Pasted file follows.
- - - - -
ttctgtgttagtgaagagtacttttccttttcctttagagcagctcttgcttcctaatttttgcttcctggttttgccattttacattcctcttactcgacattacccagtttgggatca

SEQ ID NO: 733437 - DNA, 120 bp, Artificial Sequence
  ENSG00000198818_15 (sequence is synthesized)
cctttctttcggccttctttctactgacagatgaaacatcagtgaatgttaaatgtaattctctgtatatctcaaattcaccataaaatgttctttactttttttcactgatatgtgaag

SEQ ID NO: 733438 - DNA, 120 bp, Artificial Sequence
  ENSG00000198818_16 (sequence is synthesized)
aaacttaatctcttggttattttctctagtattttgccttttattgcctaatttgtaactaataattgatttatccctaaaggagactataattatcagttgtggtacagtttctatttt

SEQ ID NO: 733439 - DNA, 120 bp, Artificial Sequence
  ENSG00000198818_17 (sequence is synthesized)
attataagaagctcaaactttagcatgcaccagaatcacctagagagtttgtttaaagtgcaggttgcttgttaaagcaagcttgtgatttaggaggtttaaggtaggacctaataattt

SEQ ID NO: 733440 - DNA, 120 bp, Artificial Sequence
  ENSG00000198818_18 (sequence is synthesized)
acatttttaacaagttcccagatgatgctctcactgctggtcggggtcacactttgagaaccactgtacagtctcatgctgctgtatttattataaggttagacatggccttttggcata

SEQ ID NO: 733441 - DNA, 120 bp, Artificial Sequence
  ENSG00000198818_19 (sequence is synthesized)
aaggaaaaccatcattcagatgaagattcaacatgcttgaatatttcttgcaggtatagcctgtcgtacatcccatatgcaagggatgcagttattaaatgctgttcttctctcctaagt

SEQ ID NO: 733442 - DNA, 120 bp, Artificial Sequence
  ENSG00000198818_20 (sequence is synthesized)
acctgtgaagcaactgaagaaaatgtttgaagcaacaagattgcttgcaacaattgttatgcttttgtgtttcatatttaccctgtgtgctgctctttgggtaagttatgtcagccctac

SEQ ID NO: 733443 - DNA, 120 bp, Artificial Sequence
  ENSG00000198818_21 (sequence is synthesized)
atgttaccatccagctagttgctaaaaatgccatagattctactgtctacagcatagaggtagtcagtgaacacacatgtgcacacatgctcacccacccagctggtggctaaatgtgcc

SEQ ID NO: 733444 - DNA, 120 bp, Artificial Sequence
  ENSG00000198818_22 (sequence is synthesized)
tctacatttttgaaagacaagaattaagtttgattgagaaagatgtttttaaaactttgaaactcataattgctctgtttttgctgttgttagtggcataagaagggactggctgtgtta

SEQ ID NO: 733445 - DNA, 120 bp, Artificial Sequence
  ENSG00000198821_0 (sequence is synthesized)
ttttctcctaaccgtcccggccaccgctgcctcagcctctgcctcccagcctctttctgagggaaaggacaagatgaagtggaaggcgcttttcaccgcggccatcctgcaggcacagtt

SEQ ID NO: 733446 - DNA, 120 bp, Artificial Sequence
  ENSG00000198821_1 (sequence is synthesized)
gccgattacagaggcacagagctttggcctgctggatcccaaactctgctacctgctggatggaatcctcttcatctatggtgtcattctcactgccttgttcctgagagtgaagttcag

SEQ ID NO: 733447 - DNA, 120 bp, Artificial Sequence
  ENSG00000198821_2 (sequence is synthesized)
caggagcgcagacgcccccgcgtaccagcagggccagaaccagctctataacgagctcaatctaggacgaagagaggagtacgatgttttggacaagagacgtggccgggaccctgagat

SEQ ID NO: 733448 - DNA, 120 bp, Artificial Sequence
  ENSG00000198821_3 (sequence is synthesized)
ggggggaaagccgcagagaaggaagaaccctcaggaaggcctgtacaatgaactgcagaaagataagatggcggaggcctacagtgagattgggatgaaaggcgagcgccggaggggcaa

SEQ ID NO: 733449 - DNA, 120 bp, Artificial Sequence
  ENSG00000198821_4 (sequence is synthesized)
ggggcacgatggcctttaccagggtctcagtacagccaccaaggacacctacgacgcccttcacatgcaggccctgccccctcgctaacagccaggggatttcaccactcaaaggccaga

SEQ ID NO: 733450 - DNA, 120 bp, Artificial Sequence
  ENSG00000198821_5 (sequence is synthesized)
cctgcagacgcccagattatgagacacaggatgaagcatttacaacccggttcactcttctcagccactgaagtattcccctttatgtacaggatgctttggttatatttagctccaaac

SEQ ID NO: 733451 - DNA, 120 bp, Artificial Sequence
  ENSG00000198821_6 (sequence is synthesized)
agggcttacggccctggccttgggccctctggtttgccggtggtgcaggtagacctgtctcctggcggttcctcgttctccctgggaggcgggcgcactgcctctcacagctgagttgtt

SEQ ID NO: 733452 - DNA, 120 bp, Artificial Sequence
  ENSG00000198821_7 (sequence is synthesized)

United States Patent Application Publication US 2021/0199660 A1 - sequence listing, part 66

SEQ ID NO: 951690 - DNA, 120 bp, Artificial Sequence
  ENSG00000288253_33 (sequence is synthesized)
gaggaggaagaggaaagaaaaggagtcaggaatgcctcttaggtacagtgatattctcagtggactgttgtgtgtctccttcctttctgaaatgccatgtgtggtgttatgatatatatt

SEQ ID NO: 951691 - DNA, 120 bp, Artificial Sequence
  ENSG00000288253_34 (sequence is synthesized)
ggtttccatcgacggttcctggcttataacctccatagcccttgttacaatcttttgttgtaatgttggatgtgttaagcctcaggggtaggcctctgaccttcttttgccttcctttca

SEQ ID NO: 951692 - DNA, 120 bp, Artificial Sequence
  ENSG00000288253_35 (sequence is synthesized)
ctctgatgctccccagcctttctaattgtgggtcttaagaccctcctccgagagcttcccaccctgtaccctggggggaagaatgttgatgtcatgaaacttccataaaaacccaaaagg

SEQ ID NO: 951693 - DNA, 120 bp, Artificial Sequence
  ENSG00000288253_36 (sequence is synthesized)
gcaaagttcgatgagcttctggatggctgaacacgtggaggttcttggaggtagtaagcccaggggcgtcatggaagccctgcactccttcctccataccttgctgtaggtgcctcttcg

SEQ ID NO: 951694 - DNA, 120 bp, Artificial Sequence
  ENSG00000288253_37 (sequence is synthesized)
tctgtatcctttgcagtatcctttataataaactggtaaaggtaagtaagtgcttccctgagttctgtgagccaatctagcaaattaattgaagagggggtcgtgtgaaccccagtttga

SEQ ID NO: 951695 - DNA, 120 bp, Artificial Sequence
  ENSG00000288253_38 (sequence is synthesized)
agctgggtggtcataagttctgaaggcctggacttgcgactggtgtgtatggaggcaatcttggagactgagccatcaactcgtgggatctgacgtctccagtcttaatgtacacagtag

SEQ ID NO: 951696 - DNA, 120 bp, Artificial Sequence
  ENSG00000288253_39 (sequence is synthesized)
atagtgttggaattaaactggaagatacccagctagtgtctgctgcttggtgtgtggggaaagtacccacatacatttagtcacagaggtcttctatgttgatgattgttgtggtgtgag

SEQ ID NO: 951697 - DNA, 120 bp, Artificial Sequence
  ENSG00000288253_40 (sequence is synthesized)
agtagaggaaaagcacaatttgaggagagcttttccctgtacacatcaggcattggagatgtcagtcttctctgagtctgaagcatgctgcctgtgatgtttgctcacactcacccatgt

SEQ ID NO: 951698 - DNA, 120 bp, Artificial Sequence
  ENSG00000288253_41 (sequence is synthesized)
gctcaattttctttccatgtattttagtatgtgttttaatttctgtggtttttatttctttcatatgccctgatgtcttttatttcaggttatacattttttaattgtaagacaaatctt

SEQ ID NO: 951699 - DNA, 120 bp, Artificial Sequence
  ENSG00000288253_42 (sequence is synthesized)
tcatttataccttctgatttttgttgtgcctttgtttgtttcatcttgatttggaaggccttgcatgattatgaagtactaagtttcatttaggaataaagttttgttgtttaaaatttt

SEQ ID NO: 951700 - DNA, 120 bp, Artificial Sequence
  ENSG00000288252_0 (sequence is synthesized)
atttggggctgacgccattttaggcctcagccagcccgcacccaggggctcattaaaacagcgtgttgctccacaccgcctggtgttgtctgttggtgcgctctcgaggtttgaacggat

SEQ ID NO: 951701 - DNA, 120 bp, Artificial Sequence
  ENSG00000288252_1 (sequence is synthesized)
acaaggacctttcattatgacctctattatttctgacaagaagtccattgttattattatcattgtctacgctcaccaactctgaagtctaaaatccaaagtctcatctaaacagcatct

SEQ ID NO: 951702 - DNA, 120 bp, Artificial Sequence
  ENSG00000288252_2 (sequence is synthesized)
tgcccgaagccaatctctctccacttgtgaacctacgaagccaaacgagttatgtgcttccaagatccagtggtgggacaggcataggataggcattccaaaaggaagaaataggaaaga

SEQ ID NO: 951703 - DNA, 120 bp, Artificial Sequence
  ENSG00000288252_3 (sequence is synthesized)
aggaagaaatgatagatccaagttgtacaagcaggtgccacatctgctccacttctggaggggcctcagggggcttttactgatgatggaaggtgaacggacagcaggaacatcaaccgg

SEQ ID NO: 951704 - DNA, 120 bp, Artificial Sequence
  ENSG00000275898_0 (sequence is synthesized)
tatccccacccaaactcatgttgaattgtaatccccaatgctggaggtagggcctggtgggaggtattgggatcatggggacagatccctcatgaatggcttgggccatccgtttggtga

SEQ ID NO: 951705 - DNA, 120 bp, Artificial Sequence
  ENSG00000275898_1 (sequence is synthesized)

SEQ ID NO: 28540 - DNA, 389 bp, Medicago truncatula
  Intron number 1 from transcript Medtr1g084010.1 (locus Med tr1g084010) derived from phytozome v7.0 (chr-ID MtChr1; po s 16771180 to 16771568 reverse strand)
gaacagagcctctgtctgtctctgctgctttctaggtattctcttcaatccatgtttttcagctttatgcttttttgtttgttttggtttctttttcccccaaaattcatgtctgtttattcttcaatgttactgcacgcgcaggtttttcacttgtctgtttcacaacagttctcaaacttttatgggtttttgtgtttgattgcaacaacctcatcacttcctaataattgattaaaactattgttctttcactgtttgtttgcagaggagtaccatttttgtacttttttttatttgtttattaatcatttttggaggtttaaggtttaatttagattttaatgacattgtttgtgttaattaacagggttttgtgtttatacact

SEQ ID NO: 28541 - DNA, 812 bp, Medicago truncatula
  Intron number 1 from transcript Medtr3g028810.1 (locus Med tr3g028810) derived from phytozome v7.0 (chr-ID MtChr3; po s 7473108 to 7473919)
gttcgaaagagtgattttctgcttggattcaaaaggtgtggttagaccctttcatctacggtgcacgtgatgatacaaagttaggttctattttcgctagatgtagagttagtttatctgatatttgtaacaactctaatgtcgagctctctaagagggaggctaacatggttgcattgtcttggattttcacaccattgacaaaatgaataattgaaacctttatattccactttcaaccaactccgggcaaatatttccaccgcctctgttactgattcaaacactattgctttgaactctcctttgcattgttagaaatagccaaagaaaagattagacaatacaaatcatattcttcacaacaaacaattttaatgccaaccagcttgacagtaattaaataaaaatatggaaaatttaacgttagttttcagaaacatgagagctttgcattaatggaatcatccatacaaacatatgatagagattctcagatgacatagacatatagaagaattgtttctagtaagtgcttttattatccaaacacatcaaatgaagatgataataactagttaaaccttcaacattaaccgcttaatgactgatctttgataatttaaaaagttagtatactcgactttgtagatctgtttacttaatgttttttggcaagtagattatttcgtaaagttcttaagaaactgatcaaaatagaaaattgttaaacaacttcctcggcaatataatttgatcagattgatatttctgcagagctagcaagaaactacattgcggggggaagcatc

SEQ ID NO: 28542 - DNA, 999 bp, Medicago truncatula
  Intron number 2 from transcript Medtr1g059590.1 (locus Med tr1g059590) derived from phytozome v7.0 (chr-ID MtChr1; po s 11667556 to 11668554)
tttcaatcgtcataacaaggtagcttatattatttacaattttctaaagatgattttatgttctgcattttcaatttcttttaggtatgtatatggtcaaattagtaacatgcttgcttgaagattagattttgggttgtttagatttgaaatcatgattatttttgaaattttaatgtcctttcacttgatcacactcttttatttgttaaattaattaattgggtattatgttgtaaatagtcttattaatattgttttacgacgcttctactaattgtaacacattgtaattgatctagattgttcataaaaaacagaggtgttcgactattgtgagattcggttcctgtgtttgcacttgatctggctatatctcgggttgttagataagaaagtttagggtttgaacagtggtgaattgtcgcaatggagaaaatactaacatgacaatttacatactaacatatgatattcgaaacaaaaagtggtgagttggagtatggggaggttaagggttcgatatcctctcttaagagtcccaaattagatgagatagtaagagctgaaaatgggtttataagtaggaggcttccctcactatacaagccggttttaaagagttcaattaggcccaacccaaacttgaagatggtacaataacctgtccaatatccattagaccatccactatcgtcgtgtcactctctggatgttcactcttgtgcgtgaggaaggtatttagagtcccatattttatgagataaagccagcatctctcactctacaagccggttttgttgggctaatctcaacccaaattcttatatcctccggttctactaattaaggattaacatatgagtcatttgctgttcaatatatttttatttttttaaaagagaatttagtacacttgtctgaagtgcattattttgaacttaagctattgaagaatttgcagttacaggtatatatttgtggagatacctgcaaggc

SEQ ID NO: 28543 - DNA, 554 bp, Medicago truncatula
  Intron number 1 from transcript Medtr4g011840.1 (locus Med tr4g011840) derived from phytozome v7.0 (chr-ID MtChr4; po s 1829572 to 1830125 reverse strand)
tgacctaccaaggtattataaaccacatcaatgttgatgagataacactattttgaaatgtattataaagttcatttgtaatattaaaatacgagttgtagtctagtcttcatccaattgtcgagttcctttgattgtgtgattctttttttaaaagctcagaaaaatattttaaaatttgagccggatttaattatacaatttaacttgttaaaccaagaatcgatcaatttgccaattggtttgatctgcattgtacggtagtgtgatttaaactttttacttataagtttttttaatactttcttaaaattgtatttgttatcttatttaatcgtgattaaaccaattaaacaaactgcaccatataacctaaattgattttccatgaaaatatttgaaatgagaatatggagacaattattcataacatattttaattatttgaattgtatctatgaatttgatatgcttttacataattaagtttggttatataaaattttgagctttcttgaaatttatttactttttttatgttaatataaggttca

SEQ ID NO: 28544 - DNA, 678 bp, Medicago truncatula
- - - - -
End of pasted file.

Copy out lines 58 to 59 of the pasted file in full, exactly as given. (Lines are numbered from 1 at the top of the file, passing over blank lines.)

ctctgatgctccccagcctttctaattgtgggtcttaagaccctcctccgagagcttcccaccctgtaccctggggggaagaatgttgatgtcatgaaacttccataaaaacccaaaagg

SEQ ID NO: 951693 - DNA, 120 bp, Artificial Sequence